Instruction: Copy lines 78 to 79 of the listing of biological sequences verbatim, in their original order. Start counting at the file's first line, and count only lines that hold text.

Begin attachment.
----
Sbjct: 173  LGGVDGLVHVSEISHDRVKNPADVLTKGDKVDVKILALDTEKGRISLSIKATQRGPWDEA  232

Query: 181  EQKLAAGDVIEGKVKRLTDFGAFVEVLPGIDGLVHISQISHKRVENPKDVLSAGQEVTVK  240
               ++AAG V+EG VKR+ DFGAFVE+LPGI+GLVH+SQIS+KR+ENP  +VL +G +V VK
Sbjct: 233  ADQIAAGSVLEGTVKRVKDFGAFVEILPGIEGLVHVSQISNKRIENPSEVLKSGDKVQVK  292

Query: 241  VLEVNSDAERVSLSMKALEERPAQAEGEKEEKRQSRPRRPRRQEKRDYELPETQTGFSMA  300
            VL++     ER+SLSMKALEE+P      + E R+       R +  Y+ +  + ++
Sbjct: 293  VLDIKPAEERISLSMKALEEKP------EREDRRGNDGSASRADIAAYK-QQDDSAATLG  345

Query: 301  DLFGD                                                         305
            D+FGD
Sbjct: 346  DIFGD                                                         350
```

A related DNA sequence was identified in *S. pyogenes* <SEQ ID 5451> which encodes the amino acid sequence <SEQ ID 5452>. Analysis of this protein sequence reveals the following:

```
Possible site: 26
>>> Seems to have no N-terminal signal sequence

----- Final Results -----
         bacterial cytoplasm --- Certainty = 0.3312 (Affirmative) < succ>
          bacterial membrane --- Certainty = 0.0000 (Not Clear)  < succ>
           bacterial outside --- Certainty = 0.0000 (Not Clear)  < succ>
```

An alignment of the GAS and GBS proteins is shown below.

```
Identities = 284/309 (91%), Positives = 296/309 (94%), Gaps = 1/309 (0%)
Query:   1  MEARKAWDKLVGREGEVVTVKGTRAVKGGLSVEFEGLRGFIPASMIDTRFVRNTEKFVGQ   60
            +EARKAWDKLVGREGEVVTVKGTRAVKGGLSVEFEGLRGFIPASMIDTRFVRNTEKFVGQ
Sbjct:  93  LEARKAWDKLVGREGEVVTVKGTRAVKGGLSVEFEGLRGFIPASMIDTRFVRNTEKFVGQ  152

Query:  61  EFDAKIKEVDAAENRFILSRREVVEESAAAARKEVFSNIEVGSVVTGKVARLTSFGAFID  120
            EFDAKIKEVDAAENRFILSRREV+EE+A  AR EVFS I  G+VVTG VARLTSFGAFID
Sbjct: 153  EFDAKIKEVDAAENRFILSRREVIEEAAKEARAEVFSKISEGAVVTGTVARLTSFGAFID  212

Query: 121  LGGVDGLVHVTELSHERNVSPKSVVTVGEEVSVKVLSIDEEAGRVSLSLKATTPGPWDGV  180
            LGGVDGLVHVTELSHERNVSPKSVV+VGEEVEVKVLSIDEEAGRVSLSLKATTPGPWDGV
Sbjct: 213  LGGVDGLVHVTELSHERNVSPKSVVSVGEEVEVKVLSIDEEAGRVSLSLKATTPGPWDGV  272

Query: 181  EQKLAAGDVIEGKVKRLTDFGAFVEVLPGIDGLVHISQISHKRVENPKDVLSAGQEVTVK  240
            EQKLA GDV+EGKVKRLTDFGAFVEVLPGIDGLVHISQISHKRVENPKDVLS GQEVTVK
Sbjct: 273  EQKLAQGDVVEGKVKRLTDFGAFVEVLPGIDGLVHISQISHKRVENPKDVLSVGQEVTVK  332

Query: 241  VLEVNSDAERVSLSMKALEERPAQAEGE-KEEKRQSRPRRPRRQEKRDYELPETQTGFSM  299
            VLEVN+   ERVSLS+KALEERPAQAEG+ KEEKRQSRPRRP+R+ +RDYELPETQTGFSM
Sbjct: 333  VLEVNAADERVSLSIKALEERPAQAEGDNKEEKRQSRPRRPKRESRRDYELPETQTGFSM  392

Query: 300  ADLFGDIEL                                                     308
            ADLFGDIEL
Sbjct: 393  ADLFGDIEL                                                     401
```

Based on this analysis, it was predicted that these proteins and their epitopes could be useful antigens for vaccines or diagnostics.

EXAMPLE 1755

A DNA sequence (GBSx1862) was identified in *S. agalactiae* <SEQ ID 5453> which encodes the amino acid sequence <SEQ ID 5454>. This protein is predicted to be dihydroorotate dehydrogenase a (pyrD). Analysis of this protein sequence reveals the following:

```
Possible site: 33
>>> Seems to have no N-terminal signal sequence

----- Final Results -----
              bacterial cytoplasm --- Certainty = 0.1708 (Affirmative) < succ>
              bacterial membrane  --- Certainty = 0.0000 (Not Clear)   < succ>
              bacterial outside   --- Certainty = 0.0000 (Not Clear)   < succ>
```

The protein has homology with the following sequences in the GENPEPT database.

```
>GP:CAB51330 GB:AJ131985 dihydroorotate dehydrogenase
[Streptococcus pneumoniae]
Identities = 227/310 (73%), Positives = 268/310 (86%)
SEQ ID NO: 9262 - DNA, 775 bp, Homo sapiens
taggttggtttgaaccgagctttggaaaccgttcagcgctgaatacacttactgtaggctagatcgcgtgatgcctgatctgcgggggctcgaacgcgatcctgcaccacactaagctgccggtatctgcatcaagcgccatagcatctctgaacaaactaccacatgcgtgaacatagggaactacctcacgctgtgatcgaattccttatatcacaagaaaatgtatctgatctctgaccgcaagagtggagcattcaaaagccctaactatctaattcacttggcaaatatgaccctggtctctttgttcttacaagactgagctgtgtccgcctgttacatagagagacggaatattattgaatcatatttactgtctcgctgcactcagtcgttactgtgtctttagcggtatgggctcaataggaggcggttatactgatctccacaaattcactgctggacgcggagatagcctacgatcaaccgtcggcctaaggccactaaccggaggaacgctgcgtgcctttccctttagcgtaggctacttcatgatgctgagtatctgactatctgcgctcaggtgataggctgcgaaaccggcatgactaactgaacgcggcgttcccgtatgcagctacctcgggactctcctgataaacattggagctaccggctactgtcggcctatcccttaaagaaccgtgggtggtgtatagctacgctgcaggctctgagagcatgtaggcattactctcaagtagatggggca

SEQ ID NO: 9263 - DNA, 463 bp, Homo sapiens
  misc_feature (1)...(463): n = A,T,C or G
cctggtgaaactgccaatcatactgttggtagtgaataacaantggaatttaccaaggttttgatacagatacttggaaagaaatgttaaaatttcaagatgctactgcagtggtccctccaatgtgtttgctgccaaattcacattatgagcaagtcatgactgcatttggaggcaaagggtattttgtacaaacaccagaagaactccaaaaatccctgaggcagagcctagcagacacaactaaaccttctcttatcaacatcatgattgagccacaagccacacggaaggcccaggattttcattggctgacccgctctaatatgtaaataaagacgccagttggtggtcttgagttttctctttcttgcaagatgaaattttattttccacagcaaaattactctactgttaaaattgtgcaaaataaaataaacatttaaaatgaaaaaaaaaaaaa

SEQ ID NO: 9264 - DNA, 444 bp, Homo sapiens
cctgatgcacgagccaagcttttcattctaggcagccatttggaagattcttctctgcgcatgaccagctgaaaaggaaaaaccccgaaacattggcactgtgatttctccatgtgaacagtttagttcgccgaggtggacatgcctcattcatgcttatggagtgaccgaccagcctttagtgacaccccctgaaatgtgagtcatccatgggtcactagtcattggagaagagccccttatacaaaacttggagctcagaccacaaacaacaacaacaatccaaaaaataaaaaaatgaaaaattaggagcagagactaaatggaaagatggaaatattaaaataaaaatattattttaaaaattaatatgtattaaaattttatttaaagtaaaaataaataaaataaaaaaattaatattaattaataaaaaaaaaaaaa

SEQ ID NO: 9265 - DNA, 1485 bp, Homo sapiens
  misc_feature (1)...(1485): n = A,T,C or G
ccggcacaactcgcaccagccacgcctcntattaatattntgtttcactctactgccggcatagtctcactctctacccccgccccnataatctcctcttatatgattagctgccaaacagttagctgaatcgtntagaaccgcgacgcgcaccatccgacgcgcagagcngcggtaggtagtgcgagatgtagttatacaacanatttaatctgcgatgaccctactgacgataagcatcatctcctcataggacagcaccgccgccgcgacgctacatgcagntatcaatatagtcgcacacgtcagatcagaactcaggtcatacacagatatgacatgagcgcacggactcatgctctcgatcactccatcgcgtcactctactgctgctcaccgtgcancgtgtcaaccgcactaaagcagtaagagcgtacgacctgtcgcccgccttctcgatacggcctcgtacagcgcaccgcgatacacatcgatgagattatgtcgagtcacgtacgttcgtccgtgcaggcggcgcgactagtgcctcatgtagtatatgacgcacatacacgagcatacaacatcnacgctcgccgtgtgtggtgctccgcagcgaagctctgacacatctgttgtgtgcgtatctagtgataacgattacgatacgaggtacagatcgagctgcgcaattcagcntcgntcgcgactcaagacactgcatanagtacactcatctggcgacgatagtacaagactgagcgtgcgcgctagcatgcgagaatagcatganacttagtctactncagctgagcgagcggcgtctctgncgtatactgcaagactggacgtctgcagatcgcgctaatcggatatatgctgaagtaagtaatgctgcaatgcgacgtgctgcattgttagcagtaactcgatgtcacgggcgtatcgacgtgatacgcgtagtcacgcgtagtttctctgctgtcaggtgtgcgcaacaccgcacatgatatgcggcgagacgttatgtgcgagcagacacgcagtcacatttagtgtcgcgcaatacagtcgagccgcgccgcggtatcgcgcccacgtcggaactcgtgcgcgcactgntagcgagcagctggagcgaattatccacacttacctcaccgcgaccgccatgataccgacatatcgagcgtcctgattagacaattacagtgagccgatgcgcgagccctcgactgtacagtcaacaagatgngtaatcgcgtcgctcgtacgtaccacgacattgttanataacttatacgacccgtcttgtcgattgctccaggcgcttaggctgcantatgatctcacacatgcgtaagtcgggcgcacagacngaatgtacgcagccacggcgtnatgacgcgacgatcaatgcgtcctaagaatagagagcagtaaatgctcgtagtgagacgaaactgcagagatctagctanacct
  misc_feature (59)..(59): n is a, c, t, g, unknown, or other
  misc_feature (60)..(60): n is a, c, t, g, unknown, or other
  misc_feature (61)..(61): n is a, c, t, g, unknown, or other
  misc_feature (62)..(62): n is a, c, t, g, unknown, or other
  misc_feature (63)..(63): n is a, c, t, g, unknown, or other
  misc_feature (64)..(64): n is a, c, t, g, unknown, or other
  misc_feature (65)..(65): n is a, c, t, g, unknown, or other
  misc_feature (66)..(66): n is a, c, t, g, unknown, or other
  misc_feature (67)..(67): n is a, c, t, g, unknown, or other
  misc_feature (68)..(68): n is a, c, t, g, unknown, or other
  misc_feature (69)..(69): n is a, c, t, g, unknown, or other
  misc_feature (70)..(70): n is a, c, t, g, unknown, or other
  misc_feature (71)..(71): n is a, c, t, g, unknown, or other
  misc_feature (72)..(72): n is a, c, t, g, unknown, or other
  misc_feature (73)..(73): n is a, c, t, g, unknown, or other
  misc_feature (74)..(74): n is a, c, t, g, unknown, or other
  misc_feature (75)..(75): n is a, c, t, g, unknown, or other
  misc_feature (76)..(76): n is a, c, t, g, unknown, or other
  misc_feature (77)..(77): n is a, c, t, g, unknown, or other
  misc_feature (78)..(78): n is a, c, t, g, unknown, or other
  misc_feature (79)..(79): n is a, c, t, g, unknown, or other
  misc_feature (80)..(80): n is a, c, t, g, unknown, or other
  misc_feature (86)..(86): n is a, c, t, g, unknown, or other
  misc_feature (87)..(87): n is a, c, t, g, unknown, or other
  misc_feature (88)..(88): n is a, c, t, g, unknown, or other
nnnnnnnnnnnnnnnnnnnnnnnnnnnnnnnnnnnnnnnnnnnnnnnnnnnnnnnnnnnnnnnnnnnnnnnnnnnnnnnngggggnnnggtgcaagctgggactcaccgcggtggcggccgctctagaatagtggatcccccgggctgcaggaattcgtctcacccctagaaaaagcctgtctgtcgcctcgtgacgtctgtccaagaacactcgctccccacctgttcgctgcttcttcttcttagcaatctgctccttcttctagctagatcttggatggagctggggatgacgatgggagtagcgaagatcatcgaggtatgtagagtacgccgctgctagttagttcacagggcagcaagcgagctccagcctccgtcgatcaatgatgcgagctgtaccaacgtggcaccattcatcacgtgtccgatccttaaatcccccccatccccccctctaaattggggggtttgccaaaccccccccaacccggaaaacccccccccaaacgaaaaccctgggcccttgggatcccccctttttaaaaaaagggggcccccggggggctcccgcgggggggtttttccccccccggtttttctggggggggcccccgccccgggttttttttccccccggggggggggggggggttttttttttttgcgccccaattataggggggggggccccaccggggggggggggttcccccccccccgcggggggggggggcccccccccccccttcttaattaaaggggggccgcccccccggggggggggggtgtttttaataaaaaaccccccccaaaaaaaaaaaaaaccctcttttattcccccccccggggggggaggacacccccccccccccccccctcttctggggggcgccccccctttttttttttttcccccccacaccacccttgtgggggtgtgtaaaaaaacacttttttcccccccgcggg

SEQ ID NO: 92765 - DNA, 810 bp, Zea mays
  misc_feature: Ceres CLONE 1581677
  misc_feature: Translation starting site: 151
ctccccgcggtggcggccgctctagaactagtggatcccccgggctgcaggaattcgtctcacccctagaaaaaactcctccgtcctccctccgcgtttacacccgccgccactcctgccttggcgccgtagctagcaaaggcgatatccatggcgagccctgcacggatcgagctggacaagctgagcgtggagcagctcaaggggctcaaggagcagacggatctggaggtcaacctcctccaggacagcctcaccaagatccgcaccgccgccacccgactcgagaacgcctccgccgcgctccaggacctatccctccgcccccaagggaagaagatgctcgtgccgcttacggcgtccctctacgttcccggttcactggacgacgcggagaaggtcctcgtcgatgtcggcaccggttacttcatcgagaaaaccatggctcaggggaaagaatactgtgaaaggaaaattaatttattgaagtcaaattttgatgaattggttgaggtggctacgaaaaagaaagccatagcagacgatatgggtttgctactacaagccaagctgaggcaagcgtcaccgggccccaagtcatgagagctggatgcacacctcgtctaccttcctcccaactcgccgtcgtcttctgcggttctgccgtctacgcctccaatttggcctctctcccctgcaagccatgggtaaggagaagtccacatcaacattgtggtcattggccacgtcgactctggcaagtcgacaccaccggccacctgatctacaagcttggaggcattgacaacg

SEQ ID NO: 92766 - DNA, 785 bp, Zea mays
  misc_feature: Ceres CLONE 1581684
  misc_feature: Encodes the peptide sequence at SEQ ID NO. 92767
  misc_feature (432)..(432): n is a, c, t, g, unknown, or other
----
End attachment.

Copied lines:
  misc_feature (68)..(68): n is a, c, t, g, unknown, or other
  misc_feature (69)..(69): n is a, c, t, g, unknown, or other